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  23.  71
    Emerson and the Law of Freedom.H. G. Callaway - 2008 - In R.W. Emerson, Society and Solitude: Twelve Chapters. Mellon Press.
    This paper is the expository and evaluative introduction to my new edition of Emerson's Society and Solitude, Twelve Chapters.
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  24.  55
    Edmund Burke, the Imperatives of Empire and the American Revolution.H. G. Callaway - 2016 - Cambridge Scholar's Publishing.
    Book Description -/- Edmund Burke (1730-1797) was a friend and advocate of America during the political crisis of the 1760s and the 1770s, and he spoke out eloquently and forcefully in defense of the rights of the colonial subjects of the British empire—in America, Ireland and India alike. However, he is often best remembered for his extremely critical Reflections on the Revolution in France. The present volume is based on classic Burke, including his most famous writings and speeches on the (...)
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  25.  68
    Emerson on Creativity in Thought and Action.H. G. Callaway - 2006 - In R.W. Emerson, The Conduct of Life: A Philosophical Reading.
    The opening essay of Emerson’s 1860 book, The Conduct of Life, posed, in that fateful year of threatening Civil War and disunion, the philosophical problem of human freedom and fate. The essay “Fate” is followed in the present book by a series of essays on related themes, including: “Power,” “Wealth,” “Culture,” “Worship,” “Beauty” and “Illusions.” The central question of the volume is, “How shall I live?” Appreciating both our freedom and its limits, we understand the vitality of power to acquire (...)
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  26. GEOGRAPHY, ASSIMILATION, AND DIALOGUE: Universalism and Particularism in Central-European Thought.H. G. Callaway - manuscript
    There are many advantages and disadvantages to central locations. These have shown themselves in the long course of European history. In times of peace, there are important economic and cultural advantages (to illustrate: the present area of the Czech Republic was the richest country in Europe between the two World Wars). There are cross-currents of trade and culture in central Europe of great advantage. For, cultural cross-currents represent a potential benefit in comprehension and cultural growth. But under threat of large-scale (...)
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  27. Henry Cabot Lodge, Alexander Hamilton and the Political Thought of the Gilded Age.H. G. Callaway - 2018 - Newcastle: Cambridge Scholars Publishing.
    We are currently witnessing a renewal of broad public interest in the life and career of Alexander Hamilton – justly famed as an American founder. This volume examines the possible present-day significance of the man, noting that this is not the first revival of interest in the statesman. Hamilton was a major background figure in the GOP politics of the Gilded Age, with the powerful US Senator Henry Cabot Lodge, Sr. drawing on Hamilton to inspire a new, assertive American role (...)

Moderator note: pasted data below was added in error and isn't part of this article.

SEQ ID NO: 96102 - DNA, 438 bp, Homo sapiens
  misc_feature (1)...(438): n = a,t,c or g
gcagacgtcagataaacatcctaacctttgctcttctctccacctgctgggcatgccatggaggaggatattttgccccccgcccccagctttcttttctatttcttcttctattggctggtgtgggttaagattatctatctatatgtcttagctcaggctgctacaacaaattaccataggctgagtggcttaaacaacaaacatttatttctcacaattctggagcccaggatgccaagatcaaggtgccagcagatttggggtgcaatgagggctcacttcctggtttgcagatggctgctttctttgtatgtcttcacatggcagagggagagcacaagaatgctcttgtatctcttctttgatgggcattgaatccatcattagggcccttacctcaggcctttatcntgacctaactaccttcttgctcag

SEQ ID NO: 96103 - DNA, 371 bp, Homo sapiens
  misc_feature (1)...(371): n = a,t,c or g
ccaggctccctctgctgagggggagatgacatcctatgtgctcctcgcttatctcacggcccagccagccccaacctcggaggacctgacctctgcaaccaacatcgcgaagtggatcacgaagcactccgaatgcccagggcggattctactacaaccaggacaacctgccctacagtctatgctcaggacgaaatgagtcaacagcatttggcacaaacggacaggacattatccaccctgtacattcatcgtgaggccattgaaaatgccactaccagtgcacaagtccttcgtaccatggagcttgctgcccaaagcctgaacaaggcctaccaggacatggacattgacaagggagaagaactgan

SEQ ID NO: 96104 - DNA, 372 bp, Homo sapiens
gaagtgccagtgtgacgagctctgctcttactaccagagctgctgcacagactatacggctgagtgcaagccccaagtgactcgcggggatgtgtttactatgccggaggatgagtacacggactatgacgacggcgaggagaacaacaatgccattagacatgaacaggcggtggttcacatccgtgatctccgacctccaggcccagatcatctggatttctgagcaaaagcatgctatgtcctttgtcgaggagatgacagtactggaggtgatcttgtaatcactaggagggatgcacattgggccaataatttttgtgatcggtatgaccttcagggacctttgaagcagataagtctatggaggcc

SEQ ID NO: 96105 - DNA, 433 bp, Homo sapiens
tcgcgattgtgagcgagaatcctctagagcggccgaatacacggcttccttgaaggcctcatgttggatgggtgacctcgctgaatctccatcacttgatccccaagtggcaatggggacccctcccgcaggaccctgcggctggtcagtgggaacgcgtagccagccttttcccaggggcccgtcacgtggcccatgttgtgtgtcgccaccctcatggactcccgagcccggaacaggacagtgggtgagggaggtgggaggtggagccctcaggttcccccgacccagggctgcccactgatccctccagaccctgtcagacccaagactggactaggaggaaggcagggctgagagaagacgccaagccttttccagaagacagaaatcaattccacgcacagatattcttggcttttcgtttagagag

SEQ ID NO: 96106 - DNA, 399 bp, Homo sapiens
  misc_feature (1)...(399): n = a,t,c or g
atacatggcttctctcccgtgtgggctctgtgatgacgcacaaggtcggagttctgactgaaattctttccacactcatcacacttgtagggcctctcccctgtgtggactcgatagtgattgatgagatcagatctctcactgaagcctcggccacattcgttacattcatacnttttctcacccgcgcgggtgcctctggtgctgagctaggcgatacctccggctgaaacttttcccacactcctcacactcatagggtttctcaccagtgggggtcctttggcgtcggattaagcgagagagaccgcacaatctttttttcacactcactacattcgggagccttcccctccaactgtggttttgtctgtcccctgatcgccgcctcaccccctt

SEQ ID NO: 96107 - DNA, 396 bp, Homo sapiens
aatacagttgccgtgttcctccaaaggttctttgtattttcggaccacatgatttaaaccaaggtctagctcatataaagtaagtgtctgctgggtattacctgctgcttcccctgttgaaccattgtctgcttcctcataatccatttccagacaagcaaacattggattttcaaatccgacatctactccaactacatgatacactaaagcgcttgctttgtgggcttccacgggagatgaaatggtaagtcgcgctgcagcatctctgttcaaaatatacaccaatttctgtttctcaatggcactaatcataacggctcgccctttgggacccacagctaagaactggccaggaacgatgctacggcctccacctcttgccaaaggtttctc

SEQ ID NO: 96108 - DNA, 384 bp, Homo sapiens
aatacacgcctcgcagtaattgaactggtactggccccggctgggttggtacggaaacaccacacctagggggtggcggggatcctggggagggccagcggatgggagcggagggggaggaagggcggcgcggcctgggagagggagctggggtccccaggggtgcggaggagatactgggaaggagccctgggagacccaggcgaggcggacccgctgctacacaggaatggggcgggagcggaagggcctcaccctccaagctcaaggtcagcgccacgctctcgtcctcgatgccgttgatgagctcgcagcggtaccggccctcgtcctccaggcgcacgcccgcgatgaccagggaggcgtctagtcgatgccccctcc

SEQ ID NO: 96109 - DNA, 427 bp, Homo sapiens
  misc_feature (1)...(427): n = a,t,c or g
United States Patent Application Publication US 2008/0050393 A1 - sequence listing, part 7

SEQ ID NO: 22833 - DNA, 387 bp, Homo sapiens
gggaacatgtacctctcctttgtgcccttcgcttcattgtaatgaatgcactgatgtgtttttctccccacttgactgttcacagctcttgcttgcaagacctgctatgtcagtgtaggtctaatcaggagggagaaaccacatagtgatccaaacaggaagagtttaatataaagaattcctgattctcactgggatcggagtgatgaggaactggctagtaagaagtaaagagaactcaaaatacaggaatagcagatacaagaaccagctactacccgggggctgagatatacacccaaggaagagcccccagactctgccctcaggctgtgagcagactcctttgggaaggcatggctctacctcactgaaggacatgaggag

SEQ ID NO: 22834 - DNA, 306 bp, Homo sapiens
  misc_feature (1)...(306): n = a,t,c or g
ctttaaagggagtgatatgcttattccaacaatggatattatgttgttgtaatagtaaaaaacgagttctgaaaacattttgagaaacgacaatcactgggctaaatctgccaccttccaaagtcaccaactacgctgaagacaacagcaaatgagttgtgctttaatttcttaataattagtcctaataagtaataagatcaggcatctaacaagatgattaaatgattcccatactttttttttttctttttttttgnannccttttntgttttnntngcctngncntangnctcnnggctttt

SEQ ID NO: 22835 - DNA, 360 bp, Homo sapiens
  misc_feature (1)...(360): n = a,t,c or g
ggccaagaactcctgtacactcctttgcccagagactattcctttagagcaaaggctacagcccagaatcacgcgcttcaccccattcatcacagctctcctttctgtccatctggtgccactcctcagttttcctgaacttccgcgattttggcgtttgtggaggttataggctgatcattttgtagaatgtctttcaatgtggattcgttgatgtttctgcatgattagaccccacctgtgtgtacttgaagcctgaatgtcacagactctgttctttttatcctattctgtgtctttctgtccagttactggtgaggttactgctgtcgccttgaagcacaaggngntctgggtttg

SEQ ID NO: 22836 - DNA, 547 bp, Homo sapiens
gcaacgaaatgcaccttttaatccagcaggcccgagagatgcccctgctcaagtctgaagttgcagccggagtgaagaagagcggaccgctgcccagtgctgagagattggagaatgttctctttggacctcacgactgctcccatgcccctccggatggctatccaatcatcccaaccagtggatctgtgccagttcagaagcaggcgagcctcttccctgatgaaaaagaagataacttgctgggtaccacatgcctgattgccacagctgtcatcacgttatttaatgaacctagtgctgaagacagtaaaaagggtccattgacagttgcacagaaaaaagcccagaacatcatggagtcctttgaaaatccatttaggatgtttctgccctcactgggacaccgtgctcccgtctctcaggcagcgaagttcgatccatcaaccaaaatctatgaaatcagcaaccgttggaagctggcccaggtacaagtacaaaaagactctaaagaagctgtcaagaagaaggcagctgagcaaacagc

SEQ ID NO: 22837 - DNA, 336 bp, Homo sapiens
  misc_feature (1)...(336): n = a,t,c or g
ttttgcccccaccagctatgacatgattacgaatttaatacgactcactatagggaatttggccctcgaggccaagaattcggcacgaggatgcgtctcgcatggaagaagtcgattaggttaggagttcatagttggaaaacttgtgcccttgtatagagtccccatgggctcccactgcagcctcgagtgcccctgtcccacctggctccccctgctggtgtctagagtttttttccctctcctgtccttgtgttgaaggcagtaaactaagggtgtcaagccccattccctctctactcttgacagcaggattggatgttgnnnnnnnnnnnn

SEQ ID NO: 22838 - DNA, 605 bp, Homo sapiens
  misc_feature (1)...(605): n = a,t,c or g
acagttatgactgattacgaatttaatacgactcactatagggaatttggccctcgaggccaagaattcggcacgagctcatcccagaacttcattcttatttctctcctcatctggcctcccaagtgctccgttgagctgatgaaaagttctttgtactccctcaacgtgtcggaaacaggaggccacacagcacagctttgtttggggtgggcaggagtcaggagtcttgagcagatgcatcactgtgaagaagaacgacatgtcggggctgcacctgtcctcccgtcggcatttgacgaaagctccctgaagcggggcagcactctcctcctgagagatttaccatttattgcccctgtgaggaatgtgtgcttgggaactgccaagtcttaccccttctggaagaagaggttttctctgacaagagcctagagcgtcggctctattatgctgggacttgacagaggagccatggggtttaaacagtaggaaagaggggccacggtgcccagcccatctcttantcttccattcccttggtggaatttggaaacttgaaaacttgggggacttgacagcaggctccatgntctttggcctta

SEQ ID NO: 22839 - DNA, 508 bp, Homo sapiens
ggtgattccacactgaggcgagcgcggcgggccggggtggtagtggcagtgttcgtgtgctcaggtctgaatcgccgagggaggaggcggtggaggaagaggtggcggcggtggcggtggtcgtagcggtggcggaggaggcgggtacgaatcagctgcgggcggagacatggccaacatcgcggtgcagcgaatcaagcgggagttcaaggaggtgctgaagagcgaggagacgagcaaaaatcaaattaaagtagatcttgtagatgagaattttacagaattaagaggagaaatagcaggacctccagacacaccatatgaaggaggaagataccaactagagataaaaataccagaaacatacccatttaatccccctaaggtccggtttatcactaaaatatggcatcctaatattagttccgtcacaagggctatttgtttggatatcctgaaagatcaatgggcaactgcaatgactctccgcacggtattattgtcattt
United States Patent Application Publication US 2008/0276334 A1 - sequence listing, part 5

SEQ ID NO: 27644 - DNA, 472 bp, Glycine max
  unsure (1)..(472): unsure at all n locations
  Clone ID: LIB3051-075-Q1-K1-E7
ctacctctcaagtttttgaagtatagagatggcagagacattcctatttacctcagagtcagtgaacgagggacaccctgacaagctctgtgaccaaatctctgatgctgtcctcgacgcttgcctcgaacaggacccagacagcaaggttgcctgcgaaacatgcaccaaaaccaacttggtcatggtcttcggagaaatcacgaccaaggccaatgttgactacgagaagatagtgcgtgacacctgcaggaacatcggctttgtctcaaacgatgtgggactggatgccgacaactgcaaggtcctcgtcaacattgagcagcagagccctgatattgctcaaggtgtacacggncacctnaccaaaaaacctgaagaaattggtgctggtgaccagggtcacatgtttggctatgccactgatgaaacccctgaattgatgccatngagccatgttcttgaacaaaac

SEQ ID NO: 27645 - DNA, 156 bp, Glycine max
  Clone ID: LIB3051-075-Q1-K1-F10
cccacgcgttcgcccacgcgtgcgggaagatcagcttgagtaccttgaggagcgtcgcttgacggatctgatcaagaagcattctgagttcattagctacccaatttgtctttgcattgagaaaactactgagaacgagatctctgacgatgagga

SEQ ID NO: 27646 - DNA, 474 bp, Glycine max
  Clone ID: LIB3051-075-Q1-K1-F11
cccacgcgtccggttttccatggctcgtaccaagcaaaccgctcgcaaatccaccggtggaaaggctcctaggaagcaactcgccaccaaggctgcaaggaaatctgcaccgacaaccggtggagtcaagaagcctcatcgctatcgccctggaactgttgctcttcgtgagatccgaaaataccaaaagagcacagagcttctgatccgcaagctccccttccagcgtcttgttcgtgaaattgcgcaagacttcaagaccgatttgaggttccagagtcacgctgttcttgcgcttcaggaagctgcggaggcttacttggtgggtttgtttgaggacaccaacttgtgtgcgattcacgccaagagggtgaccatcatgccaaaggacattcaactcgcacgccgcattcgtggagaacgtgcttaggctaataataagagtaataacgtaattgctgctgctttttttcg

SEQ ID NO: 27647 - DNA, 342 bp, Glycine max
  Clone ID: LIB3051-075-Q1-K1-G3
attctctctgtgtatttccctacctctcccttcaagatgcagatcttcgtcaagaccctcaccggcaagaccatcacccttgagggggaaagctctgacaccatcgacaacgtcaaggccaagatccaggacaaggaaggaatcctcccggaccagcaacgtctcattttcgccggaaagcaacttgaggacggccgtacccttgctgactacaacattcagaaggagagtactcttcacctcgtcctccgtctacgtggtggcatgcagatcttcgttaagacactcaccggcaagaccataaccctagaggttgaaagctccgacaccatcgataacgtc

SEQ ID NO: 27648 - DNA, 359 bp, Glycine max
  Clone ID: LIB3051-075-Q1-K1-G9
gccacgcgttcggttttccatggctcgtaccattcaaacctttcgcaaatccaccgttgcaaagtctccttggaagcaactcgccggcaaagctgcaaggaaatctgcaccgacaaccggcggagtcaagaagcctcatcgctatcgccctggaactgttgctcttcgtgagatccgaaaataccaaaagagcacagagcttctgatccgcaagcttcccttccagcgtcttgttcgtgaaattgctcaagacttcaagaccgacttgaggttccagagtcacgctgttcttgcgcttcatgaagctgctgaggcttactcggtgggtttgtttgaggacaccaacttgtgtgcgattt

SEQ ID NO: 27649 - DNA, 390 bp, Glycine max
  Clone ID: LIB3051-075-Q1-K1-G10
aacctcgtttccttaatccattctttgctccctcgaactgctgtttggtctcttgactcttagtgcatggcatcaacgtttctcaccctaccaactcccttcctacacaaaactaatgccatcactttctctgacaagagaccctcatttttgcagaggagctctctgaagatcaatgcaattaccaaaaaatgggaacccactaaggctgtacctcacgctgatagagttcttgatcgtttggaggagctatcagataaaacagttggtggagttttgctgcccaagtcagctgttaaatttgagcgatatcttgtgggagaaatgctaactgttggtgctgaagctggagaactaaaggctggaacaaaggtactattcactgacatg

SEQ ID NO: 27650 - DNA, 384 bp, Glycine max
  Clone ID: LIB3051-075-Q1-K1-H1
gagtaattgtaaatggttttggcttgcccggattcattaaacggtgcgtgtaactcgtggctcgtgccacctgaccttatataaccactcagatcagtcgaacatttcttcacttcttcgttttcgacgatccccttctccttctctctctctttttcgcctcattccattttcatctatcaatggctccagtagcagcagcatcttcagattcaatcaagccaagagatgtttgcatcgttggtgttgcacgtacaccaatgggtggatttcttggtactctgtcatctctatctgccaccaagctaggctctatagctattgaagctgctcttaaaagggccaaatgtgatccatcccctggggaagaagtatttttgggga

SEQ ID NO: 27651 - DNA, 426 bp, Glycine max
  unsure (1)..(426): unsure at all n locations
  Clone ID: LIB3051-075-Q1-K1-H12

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  28.  19
    Henry Cabot Lodge, Alexander Hamilton and the Political Thought of the Gilded Age.H. G. Callaway (ed.) - 2019 - Newcastle upon Tyne: Cambridge Scholars Publishing.
    We are currently witnessing a renewal of broad public interest in the life and career of Alexander Hamilton – justly famed as an American founder. This volume examines the possible present-day significance of the man, noting that this is not the first revival of interest in the statesman. Hamilton was a major background figure in the GOP politics of the Gilded Age, with the powerful US Senator Henry Cabot Lodge, Sr. drawing on Hamilton to inspire a new, assertive American role (...)
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  29.  21
    How to Effectively Defend the King Dictum.H. G. Callaway - 2017 - In H.G. Callaway, Pluralism, Pragmatism and American Democracy: A Minority Report. Newcastle, England: Cambridge Scholars Publishing. pp. 181-192.
    The aim of this paper is to defend a famous quotation from Martin Luther King, stating that “The arc of the moral universe is long, but it bends toward justice.” The quotation is inscribed on the King Memorial in Washington, D.C. and President Obama had it woven into a rug for the Oval Office in the White House. The quotation has become something of a contemporary proverb, and is certainly worthy of our close attention. In order to evaluate the dictum, (...)